Article / 09 August 2017 at 10:30 GMT

Weekly Bond Update: Fear factor higher than yields — #SaxoStrats

Head of Fixed Income / Saxo Bank
Denmark

  • Much talk at the moment of an imminent rise in yields
  • Despite upbeat macroeconomic developments, inflation has not materialised
  • Central banks have expressed concern about bond levels being overstretched 
  • But the trigger  – expected increase in inflation – may be a long time coming


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The overall trigger for central banks is the expected pick-up in inflation, something that
has yet to materialise. Photo: Shutterstock


By Simon Fasdal

The recent debate in fixed-income markets can be described as a re-run of a reoccurring subject: when do yields take off? We have seen several articles and research pieces lately describing the expected imminent rise in yields and ideas for investors to cope with the upcoming dramatic change.

There are indeed indicators that things are turning better in the global economy: the European economy is improving, recent numbers from the US have surprised to the upside, and the fear of a Chinese setback (that we highlighted lately) have not materialised yet, rather the opposite.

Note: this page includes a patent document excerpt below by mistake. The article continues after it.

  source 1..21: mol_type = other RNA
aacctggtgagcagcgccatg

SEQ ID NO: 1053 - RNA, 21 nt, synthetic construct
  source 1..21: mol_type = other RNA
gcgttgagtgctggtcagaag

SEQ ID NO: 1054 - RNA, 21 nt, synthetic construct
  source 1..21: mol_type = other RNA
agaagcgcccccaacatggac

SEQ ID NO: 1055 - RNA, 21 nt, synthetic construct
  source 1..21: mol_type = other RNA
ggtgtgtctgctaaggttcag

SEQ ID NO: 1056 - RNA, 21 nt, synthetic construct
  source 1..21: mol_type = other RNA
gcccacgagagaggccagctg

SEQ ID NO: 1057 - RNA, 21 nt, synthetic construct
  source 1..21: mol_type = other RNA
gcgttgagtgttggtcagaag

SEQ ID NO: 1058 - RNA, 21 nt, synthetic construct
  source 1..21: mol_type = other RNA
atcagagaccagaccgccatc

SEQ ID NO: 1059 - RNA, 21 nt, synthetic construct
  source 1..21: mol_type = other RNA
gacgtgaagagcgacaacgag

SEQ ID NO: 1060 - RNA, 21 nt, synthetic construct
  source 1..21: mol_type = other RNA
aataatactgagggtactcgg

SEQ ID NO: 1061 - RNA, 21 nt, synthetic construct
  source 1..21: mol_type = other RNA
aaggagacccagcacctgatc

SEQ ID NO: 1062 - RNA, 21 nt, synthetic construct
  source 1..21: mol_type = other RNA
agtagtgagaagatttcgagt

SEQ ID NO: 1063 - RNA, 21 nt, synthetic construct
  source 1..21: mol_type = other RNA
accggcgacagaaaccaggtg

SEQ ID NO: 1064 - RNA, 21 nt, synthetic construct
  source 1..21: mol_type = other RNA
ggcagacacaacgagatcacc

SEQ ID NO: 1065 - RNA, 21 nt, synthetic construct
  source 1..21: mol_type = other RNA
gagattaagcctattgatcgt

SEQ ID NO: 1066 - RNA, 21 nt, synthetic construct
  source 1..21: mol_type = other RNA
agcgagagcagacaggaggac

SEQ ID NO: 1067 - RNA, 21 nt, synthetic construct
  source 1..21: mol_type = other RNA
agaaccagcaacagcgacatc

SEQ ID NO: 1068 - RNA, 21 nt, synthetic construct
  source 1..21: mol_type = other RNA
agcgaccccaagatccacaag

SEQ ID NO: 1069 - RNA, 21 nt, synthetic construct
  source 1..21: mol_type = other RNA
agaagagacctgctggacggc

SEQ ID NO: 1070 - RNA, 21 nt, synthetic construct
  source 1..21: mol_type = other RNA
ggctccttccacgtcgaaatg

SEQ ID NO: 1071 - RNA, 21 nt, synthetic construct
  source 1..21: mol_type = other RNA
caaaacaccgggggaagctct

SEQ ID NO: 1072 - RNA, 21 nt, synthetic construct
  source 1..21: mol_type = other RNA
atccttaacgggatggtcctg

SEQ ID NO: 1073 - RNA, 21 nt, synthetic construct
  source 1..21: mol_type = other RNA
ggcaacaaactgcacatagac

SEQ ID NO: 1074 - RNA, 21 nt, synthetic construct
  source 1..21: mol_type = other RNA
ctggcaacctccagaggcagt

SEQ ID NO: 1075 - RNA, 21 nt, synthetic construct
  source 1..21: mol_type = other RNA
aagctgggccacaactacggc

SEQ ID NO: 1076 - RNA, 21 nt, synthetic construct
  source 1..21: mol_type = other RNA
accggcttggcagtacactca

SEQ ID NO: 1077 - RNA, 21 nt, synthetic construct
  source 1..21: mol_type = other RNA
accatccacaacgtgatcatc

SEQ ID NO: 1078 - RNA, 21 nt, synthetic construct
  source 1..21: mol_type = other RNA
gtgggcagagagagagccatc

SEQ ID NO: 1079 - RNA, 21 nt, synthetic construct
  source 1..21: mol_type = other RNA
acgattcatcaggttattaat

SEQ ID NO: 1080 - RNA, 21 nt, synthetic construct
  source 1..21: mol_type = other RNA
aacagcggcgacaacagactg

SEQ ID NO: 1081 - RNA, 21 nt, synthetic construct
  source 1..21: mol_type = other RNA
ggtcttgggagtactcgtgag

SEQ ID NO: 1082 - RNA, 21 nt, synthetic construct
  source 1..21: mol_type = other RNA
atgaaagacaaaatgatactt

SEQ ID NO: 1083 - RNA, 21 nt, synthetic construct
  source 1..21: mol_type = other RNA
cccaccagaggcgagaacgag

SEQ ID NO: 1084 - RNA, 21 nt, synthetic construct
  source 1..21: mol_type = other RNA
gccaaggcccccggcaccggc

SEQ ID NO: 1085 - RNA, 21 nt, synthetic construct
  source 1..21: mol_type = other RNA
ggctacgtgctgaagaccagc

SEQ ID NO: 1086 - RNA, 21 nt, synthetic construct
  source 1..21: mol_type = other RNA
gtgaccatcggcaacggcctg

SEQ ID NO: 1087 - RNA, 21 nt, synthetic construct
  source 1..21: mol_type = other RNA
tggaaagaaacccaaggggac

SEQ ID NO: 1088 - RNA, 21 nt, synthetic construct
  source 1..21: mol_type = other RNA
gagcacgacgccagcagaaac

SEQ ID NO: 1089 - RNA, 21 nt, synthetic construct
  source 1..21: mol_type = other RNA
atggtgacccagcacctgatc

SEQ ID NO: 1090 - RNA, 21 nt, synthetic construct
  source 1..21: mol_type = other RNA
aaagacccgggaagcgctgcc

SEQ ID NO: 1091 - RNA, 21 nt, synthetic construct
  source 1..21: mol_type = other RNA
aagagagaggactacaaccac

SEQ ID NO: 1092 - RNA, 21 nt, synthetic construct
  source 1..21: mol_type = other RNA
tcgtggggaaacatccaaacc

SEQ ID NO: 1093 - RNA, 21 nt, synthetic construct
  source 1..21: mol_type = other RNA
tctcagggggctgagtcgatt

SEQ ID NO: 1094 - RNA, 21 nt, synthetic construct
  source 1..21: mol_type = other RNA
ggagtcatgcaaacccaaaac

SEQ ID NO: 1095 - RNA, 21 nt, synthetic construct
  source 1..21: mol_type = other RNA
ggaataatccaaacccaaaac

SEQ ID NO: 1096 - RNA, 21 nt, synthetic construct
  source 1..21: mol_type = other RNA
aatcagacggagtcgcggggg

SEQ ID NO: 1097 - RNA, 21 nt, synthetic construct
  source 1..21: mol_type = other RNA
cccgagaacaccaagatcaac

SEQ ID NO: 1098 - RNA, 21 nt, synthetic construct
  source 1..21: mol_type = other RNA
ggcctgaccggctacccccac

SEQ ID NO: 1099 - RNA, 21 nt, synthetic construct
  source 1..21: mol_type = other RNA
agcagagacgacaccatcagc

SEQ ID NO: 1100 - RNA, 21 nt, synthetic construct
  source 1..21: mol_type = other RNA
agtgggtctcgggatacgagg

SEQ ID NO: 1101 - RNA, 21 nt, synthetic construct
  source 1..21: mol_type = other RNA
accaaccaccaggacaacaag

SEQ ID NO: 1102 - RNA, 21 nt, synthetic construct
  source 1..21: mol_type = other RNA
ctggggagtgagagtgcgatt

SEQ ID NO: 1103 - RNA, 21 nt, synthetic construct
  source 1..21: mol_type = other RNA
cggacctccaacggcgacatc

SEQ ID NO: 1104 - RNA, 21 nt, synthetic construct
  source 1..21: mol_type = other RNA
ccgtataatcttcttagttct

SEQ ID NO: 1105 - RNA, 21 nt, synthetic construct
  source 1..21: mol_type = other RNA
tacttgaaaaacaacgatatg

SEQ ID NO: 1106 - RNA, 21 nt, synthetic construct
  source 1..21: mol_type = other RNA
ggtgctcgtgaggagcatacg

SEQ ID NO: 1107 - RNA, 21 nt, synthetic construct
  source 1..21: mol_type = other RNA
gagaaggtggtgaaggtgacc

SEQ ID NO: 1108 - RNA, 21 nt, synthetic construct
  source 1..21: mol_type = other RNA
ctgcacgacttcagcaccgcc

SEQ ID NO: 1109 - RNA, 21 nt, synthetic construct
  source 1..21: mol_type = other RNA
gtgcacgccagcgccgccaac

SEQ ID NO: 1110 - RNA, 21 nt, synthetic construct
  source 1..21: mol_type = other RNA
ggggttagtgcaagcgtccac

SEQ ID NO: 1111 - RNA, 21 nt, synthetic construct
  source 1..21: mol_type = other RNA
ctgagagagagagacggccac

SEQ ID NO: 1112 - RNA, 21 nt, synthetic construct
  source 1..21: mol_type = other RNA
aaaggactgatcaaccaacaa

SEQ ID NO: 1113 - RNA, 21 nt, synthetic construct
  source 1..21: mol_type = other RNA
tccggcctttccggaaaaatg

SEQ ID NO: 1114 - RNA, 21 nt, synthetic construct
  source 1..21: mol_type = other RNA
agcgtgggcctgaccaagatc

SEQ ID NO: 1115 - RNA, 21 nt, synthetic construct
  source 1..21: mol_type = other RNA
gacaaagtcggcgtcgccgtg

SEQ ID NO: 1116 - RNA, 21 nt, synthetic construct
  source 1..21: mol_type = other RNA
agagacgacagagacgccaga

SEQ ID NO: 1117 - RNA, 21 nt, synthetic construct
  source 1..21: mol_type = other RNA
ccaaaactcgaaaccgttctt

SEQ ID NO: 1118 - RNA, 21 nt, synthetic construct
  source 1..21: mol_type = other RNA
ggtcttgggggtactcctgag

China manufacturing growth .















Source: Bloomberg/Saxo Bank


The improvement in the global outlook and the lack of huge geopolitical risk triggers have left their mark on financial markets. Most major equity indices are at record highs; credit spreads are closing in on pre-crisis levels, and emerging market bonds are setting new highs on a weekly basis. So it's happy days for risky assets.

It seems that not only riskier bond classes, but also developments in the global stock markets are the gifts that keep on giving. When markets break one record, they just aim for the next.

And this awakens worries from the past. These are the levels seen before the crisis. So is it happening over again? Are we on the brink?

It is fully justifiable to be worried, but it is worth identifying why we are at the present levels, and also examine why it has been so hard for global yields to move higher.

Despite upbeat macroeconomic developments, inflation has had a very hard time materialising. We firmly believed earlier this year that we would see higher yields caused by inflationary pressures, but the reality has been different. 

Even in economies where unemployment is low and the economy is heating up, it is very hard to see real inflationary pressure, although it is expected to come. Maybe it is delayed, or maybe because our inflation expectations will have to be reconsidered. 

Maybe we are ahead of the curve, but one might argue that going forward, everything that can create bottlenecks – whether it is related to employment or a shortage of commodities – can either be technologically innovated into a scalable version or technologically globalised, so that the risk of bottlenecks becomes extremely low. So future expectations of inflation should also be lower.